There’s no way I’m going to take the time to refute every one of his points, but that’s the whole idea of a Gish gallop, right? I will hit a few of the highlights and see if two parts will be enough.
As antibiotic resistance itself indicates, supposed beneficial adaptations that are often touted by Darwinists as proof of evolution are actually the result of degraded molecular abilities. Lee Spetner, in his book ‘Not By Chance’ remarked that, ‘Whoever thinks macroevolution can be made by mutations that lose information is like the merchant who lost a little money on every sale but thought he could make it up on volume.’
So I guess we’re talking about macroevolution now. I thought we were talking about antibiotic resistance, which pretty much everyone agrees is microevolution, but so be it.
In 2016, Lee Spetner went on to remark, ‘there is no example of a random mutation that adds heritable information to the genome, and that statement still stands.’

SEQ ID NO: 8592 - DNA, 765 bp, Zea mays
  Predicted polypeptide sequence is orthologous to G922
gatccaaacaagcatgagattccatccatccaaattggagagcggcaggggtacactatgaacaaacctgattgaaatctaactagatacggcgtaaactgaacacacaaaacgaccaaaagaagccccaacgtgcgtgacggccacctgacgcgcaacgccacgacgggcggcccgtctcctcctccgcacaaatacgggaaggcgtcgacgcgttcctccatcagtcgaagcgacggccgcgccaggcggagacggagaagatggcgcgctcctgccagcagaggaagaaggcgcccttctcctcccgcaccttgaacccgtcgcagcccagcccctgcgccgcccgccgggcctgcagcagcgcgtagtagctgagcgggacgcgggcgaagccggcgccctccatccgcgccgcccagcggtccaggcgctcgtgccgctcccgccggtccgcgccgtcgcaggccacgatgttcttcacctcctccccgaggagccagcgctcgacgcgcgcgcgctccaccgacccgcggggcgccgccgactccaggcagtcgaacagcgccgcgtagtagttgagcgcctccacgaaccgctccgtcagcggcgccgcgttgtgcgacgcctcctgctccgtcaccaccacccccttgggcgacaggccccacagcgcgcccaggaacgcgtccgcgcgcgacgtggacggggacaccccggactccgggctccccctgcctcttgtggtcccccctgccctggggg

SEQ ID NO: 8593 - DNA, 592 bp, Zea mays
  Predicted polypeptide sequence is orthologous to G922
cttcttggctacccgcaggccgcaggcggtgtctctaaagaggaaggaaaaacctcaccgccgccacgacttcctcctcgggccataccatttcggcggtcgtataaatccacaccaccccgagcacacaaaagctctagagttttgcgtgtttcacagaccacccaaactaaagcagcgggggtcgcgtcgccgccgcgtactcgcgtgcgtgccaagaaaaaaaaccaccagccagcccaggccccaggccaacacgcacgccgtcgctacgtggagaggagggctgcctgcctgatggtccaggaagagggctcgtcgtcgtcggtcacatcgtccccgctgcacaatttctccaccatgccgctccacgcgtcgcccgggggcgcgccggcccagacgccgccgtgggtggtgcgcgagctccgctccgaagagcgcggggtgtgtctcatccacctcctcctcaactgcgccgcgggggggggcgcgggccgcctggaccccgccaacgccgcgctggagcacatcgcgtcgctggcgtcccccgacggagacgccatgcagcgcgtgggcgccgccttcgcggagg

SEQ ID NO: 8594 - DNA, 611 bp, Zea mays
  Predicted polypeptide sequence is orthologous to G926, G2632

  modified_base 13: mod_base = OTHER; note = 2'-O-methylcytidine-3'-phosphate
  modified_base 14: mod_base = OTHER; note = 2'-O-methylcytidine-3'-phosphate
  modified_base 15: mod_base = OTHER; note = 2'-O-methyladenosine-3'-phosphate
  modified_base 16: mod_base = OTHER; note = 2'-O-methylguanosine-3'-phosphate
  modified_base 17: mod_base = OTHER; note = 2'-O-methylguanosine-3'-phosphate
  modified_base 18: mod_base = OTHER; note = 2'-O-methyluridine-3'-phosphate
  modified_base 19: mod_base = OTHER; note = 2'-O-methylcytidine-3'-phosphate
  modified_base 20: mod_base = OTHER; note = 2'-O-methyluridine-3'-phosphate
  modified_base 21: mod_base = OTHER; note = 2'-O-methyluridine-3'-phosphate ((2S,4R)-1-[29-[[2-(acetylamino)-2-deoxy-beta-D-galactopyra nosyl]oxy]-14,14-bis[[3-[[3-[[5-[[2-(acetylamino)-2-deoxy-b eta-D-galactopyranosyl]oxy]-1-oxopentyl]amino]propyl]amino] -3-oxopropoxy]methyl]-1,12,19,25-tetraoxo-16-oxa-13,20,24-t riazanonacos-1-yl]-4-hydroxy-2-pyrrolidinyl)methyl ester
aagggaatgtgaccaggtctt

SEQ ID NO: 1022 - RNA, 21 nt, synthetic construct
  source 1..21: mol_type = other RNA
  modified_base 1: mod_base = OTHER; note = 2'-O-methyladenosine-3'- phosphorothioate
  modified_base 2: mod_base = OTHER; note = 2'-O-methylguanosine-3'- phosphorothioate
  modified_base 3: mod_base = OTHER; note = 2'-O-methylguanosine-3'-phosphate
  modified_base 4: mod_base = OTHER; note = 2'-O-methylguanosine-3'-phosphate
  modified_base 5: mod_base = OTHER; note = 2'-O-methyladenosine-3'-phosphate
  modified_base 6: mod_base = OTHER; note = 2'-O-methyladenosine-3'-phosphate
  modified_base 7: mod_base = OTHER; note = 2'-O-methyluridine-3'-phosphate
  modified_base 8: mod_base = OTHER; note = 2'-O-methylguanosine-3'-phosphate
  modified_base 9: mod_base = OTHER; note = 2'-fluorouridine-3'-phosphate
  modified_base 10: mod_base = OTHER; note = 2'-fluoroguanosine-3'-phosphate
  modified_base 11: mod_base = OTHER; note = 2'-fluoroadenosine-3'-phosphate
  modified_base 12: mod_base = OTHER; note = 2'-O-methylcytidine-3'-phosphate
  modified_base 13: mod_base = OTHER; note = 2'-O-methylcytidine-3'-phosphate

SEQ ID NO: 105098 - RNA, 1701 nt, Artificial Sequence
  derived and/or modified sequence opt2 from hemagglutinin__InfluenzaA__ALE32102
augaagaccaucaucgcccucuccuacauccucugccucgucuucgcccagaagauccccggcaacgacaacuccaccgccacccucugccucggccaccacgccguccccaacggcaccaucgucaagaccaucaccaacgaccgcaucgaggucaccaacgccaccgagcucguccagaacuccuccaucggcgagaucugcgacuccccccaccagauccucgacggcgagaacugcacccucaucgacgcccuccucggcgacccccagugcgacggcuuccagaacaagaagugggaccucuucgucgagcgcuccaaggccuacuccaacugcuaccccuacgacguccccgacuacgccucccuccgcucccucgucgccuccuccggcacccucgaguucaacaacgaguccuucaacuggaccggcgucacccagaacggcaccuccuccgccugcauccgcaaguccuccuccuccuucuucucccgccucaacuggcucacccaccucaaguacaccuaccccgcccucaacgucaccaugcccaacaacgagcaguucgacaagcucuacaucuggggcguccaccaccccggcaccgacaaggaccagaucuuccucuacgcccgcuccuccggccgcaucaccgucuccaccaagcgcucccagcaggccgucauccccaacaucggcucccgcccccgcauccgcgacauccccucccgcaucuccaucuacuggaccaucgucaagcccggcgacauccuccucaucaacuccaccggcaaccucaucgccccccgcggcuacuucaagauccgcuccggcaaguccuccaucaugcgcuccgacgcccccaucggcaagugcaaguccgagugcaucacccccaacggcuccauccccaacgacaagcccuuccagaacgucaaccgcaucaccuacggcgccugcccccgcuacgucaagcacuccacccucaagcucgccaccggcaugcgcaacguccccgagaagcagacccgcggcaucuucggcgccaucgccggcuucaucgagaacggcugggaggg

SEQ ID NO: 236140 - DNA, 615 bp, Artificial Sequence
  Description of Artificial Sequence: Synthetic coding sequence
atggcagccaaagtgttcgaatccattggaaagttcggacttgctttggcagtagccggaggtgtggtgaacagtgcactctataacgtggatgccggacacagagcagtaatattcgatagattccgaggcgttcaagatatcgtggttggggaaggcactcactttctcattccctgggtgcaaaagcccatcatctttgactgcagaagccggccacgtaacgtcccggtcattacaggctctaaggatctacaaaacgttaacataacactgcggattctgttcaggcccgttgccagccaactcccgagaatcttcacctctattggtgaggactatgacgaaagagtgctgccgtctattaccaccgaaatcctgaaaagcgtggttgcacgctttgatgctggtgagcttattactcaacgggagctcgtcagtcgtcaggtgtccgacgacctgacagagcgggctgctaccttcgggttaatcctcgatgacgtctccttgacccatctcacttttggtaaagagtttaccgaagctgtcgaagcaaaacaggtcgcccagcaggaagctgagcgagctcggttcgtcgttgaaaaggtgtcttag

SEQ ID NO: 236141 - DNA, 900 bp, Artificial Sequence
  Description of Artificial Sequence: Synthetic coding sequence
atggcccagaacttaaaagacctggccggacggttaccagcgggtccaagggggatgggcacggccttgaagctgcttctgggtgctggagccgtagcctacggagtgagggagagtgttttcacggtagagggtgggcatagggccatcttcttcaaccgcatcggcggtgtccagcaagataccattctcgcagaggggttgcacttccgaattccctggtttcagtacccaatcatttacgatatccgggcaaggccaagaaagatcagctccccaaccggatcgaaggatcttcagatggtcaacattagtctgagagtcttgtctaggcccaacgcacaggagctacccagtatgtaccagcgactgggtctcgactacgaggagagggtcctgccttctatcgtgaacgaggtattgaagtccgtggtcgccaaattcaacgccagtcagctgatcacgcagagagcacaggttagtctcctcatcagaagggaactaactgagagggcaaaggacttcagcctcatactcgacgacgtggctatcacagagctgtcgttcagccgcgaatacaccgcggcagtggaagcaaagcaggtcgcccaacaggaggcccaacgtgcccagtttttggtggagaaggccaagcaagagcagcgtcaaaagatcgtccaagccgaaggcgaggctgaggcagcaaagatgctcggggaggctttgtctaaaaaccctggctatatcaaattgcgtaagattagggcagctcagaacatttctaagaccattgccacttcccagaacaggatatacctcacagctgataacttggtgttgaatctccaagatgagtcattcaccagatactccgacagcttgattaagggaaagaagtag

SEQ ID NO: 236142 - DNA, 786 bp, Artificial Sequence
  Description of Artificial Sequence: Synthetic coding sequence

Gloves Off — Responding to David Levin on the Nonrandom Evolutionary Hypothesis – Lee M. Spetner – Sept. 2016
Excerpt: I wrote in this book (as well in an earlier book) that there is no example of a random mutation that adds heritable information to the genome, and that statement still stands. The statement is important because evolution is about building up information (Spetner 1964, 1968, 1970). Some have offered what they think are counterexamples of my statement, but they are often not of random mutations at all, or they otherwise fail to be valid counterexamples.
Hah, quote within a quote; I never knew how to do that before. First, ‘there is no example of a random mutation that adds heritable information to the genome’ is just wrong. By any reasonable definition, insertions and gene duplications, both of which have been observed in microbial evolution experiments, add information to the genome. I’m sure there’s some way of gerrymandering the definition of ‘information’ to exclude these, but that’s about the purest No true Scotsman I can think of.